No. What I wanted to do was take one myself, and have the examiner ask me if everything in my complaint is true (and that's a yes), and then if the defendant has told lies in his declaration, answer, etc. (that is also a yes).

I was hoping something above and beyond to corraborate my story would assist to verify I have been honest; thus help me win.

Share this post


Link to post
Share on other sites

First of all, are "kraut32" and "luckygerm" different screen names being used by the same person?

The blog was helpful, I'm going to print it up and bring it to the judge when I ask about introducing polygraph results.

Even if this article were mandatory legal authority, you don't simply print out authorities and show them to the judge in court (at least not in most circumstances). You haven't described the context in which you want to do this, so I would simply say that you should be careful with this. More importantly, while the article to which the moderator provided a link was written by a California lawyer, it is not specific to California law and cites not actual legal authority. Indeed, it focuses on the U.S. Supreme Court's decision in a case called Daubert, which itself has nothing to do with polygraphs (except to the extent that it contains a discussion of an old federal appellate case called Frye, which involved "a crude precursor to the polygraph machine"). Daubert set the standard in federal courts regarding the use of scientific evidence. Daubert is not binding authority in California; California has its own standards under the California Evidence Code (which is different than the Federal Rules of Evidence). If you were to show the article to a judge, his/her response likely would be to say, "ok, show me a California case that would allow me to consider the results of a polygraph test."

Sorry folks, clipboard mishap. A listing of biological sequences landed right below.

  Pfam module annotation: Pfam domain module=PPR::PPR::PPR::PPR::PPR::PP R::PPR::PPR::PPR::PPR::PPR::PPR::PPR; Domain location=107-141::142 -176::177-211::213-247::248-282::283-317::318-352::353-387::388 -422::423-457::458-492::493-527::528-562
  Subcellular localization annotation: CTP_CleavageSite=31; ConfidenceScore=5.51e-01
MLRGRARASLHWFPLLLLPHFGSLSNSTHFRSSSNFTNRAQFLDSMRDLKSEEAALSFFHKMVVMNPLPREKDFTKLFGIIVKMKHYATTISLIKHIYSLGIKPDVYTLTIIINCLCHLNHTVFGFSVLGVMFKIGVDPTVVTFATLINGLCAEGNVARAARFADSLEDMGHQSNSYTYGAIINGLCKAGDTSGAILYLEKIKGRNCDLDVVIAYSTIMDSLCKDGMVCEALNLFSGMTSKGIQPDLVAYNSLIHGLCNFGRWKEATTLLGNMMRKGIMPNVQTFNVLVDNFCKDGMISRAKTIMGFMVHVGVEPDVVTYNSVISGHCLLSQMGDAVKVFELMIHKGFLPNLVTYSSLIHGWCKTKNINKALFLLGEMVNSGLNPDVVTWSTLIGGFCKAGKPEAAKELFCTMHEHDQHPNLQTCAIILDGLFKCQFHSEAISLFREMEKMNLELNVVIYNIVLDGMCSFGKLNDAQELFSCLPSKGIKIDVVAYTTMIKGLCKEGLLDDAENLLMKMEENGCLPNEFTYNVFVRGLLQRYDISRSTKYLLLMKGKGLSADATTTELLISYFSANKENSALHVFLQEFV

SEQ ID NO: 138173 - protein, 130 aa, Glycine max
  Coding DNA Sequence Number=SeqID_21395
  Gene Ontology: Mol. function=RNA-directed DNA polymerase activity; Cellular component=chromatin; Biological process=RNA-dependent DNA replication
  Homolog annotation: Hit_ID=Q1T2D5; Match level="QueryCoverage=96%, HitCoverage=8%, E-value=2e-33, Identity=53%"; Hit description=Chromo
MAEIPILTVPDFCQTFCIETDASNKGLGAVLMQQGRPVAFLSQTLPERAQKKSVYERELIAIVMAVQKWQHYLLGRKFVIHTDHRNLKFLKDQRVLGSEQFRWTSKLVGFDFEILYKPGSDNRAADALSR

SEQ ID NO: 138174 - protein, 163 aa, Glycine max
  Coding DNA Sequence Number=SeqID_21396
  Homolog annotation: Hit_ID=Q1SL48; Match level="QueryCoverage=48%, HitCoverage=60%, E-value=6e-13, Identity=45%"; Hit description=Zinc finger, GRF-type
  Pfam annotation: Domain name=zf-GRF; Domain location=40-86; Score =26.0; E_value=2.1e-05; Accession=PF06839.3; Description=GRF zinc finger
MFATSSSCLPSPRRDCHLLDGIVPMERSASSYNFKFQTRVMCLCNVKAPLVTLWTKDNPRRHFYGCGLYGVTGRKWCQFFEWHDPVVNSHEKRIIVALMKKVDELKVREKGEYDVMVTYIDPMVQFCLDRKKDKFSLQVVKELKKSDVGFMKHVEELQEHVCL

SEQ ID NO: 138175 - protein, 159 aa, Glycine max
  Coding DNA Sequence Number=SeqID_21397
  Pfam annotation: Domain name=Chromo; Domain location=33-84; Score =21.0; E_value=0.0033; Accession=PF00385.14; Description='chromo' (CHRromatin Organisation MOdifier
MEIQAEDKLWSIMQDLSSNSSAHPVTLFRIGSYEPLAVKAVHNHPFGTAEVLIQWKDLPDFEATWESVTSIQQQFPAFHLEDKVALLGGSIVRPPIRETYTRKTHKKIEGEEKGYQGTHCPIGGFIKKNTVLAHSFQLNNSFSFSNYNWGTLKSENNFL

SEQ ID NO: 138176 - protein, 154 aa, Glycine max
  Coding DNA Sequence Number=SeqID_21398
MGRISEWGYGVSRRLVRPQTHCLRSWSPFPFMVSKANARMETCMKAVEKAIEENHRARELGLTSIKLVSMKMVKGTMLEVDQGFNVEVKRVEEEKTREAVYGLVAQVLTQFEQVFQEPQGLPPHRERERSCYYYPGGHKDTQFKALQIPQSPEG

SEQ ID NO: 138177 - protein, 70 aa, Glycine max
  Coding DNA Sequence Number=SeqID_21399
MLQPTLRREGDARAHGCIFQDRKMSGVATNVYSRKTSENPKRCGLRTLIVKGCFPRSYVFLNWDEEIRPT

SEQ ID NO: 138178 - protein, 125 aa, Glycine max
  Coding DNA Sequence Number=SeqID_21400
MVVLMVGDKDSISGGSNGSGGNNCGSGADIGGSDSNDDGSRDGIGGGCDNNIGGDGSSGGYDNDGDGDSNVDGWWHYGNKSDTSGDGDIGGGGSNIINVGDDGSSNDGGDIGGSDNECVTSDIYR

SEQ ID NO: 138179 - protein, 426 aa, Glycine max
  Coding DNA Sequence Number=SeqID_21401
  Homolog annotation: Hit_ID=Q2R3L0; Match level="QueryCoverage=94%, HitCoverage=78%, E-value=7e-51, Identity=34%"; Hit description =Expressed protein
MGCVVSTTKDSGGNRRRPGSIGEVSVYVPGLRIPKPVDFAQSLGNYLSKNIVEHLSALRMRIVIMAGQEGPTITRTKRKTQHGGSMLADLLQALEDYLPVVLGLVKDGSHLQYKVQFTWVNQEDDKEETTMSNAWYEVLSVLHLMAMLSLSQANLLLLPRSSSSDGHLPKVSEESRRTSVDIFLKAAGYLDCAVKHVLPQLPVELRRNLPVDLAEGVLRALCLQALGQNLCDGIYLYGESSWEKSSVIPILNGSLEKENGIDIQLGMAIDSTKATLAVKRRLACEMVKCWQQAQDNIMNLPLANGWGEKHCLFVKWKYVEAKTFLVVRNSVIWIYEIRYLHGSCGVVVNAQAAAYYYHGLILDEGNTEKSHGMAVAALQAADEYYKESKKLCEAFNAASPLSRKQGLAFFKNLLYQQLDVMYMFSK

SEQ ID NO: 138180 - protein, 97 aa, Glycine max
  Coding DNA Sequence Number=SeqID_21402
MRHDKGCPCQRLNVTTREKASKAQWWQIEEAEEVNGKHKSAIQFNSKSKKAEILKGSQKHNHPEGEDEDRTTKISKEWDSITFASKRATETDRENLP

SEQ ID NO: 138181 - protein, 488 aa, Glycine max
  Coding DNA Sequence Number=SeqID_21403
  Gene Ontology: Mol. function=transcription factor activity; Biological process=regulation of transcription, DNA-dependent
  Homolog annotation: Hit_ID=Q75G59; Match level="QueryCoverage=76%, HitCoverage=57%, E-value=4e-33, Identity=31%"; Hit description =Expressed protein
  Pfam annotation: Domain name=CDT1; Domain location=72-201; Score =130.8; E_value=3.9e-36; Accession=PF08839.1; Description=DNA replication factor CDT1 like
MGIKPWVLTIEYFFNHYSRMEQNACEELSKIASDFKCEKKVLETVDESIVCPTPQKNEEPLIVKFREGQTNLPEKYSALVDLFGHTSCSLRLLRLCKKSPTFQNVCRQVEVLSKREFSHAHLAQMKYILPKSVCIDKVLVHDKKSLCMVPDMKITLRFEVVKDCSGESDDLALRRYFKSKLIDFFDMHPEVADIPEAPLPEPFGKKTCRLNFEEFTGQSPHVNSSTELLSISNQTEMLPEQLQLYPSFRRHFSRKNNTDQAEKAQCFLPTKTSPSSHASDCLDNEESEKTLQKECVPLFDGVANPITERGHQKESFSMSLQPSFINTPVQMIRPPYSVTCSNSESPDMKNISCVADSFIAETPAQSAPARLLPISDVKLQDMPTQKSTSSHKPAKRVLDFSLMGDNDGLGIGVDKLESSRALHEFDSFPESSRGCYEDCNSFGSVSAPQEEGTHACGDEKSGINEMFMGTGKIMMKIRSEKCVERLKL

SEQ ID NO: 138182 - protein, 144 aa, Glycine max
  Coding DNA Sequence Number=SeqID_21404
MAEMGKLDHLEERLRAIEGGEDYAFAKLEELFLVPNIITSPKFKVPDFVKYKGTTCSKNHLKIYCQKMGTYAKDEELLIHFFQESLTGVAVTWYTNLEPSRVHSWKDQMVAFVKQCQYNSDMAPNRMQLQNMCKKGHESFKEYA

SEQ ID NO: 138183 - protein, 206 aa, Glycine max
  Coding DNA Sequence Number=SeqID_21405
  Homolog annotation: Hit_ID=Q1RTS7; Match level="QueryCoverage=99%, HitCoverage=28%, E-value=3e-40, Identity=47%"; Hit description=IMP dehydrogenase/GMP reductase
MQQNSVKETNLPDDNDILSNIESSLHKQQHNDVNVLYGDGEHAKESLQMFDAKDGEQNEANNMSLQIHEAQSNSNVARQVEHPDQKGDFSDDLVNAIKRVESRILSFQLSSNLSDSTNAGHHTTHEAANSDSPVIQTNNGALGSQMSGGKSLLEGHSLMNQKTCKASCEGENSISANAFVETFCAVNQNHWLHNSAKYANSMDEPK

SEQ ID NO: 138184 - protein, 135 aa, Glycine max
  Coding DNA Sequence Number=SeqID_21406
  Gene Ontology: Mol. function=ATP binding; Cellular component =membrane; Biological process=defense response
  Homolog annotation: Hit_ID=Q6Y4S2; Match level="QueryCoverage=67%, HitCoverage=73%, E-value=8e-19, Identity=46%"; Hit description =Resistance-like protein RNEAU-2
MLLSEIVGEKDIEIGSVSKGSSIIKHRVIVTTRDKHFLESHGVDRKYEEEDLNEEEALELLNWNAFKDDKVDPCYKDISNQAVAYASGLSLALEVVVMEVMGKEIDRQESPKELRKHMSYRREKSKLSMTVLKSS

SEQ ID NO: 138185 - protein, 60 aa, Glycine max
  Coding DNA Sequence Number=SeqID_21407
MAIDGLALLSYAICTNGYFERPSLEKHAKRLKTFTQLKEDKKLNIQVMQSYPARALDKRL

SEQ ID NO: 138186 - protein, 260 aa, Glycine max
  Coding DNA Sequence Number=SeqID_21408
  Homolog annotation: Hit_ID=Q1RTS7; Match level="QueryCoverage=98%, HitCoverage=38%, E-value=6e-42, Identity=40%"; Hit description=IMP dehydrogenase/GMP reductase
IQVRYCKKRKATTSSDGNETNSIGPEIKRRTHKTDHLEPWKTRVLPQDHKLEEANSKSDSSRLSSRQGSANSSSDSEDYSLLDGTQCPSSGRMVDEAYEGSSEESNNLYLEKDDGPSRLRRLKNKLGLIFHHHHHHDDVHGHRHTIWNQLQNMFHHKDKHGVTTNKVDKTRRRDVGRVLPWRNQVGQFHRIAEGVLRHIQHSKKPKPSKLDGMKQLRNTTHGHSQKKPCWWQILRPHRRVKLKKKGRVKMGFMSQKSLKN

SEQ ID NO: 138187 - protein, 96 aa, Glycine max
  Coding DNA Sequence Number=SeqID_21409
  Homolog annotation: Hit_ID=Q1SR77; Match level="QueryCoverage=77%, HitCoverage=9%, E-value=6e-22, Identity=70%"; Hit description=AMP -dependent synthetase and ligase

What I wanted to do was take one myself, and have the examiner ask me if everything in my complaint is true (and that's a yes), and then if the defendant has told lies in his declaration, answer, etc. (that is also a yes).

I was hoping something above and beyond to corraborate my story would assist to verify I have been honest; thus help me win.

You cannot do that. If you have real evidence that corroborates your testimony, by all means use it. If you have evidence that controverts what you believe will be the other party's story, use it. If you have evidence that may impeach the other party's credibility, use it. But you can't manufacture artificial evidence to bolster your own credibility.

Share this post


Link to post
Share on other sites

I'm afraid a polygraph demonstrating your belief (or certainty) that the other guy is lying won't be admissible. You need to demonstrate by other means that he's lying (or at least that it is more likely than not that he's lying).

Share this post


Link to post
Share on other sites

Okay, I'm just so squeaky honest that I thought it might help. Everything else is looking good, though. You know when someone is being deceitful, it gets harder and harder for them to cover it up as time goes on... that's what is happening now. Thank you.

Share this post


Link to post
Share on other sites

Create an account or sign in to comment

You need to be a member in order to leave a comment

Create an account

Sign up for a new account in our community. It's easy!


Register a new account

Sign in

Already have an account? Sign in here.


Sign In Now
Sign in to follow this  
Followers 0